AbstractBackground and Purpose—
Cerebral microbleed (CMB) location (deep versus strictly lobar) may elucidate underlying pathology with deep CMBs being more associated with hypertensive vascular disease and lobar CMBs being more associated with cerebral amyloid angiopathy. The objective of this study was to determine whether neuroimaging signs of vascular disease and Alzheimer pathology are associated with different types of CMBs.Methods—
Among 1677 nondemented ARIC (Atherosclerosis Risk in Communities) participants (mean age=76±5 years; 40% men; 26% black) with 3-Tesla MRI scans at the fifth examination (2011–2013), we fit multinomial logistic regression models to quantify relationships of brain volumes (Alzheimer disease signature regions, total gray matter, frontal gray matter, and white matter hyperintensity volumes), infarct frequencies (lacunar, nonlacunar, and total), and apolipoprotein E (number of ε4 alleles) with CMB location (none, deep/mixed, or strictly lobar CMBs). Models were weighted for the sample selection scheme and adjusted for age, sex, education, hypertension, ever smoking status, diabetes mellitus, race site membership, and estimated intracranial volume (brain volume models only).Results—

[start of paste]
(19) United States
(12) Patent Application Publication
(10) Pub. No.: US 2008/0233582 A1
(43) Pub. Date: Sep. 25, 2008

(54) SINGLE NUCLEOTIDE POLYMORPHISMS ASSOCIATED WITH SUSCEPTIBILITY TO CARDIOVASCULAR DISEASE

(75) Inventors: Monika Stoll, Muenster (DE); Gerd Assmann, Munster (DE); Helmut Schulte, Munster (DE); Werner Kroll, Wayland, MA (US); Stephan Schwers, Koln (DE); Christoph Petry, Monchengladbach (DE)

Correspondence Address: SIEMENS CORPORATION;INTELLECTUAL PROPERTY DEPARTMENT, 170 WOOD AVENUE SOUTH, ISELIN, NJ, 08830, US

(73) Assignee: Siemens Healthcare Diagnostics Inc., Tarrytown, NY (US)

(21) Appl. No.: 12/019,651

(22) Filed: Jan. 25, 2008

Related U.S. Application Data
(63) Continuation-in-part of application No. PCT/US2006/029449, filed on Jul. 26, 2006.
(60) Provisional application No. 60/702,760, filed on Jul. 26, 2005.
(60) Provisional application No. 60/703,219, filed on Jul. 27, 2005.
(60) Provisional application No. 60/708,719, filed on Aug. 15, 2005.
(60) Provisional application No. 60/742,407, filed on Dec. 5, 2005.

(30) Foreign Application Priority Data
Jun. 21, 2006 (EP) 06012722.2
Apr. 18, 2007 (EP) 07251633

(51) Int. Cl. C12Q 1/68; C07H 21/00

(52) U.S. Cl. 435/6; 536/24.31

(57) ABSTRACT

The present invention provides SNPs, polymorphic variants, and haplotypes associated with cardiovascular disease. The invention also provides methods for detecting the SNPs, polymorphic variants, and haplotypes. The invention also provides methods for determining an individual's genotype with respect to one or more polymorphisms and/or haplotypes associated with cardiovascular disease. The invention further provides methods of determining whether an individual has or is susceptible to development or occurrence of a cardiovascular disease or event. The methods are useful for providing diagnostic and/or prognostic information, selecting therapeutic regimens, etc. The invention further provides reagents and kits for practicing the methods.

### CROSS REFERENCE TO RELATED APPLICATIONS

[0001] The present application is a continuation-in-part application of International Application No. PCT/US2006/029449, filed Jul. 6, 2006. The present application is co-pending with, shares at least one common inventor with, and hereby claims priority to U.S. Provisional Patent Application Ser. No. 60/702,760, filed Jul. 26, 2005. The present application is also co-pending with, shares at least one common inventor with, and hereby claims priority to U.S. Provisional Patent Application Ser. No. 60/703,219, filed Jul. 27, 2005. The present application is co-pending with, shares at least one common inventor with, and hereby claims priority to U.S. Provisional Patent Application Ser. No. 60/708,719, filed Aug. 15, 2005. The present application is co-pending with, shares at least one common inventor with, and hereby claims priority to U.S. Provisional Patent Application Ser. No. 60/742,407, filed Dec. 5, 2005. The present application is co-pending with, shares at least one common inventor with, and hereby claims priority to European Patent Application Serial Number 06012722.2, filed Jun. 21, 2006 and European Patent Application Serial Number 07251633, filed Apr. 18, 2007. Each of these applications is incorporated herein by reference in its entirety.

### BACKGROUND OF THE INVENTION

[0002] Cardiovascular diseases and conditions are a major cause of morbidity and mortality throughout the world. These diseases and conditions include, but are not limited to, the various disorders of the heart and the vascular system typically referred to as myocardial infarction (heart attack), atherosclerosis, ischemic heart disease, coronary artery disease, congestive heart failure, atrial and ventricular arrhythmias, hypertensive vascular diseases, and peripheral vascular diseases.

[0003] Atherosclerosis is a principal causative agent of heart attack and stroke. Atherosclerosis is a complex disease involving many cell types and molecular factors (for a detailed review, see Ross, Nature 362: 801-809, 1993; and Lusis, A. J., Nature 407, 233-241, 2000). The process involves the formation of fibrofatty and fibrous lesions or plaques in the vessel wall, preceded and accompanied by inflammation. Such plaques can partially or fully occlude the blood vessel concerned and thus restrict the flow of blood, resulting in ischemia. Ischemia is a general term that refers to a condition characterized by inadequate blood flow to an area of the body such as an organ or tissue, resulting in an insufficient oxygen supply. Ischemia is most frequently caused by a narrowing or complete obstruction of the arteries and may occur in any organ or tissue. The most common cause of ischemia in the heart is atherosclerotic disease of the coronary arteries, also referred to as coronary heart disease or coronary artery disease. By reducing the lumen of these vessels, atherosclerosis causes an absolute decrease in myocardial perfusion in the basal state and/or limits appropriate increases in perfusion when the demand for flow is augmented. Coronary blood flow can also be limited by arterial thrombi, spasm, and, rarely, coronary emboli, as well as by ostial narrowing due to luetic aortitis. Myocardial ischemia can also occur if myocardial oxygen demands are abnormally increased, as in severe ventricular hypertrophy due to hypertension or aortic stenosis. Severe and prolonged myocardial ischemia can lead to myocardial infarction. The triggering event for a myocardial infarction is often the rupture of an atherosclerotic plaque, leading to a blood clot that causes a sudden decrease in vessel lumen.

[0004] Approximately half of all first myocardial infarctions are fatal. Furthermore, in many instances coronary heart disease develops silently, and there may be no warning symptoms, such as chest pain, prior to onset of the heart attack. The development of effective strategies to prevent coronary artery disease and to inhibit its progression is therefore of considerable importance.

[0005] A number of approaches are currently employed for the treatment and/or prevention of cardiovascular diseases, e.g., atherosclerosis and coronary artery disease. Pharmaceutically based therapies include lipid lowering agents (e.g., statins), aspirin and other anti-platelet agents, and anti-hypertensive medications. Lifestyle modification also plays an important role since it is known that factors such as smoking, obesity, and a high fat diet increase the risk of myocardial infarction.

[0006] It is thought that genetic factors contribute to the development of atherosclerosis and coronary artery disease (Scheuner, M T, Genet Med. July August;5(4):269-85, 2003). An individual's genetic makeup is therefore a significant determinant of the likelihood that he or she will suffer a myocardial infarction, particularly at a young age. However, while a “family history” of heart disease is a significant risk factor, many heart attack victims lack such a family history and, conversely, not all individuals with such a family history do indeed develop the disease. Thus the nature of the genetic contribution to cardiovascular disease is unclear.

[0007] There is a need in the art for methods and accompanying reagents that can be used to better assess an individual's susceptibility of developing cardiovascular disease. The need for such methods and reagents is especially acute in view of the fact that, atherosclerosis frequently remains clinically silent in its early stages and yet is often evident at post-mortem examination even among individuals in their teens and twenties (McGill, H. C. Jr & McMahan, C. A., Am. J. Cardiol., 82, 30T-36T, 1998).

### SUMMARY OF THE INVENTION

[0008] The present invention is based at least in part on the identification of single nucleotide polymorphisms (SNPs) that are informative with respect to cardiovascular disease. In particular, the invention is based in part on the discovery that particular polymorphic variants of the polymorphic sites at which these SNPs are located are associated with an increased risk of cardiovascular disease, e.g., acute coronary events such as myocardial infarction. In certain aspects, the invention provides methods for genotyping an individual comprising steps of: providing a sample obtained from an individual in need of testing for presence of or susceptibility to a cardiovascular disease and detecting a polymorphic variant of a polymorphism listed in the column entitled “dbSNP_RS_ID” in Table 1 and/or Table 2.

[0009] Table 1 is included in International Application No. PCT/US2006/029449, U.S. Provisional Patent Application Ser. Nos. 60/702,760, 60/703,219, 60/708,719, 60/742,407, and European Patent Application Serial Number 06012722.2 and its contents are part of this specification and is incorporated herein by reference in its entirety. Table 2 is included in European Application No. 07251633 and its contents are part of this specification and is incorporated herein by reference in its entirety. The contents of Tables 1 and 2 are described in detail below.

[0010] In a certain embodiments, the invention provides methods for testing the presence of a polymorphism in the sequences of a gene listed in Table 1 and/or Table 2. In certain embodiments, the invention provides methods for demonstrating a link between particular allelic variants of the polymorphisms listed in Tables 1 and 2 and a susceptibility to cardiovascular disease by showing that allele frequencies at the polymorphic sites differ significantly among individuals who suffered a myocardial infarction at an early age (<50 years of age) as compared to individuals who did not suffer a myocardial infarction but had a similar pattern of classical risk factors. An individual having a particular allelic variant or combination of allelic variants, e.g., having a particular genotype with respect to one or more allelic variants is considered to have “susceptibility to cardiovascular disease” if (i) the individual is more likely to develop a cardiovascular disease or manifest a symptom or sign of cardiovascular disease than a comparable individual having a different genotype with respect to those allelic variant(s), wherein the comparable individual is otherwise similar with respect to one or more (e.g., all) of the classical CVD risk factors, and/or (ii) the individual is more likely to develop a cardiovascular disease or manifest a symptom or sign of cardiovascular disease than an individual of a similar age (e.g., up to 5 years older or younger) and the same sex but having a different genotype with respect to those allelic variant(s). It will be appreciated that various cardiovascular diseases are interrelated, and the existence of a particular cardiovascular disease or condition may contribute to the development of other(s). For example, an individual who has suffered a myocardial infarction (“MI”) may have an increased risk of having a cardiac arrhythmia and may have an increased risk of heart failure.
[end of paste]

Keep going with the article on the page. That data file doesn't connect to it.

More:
Deep/mixed and strictly lobar CMBs had prevalences of 8% and 16%, respectively. Larger white matter hyperintensity burden, greater total infarct frequency, smaller frontal volumes (in women only), and smaller total gray matter volume were associated with greater risk of both deep and lobar CMBs relative to no CMBs. Greater white matter hyperintensity volume was also associated with greater risk of deep relative to lobar CMBs. Higher lacunar and nonlacunar infarct frequencies were associated with higher risk of deep CMBs, whereas smaller Alzheimer disease signature region volume and apolipoprotein E ε4 homozygosity were associated with greater risk of lobar CMBs.Conclusions—
CMBs are a common vascular pathology in the elderly. Markers of hypertensive small-vessel disease may contribute to deep CMBs while cerebral amyloid angiopathy may drive development of lobar CMBs.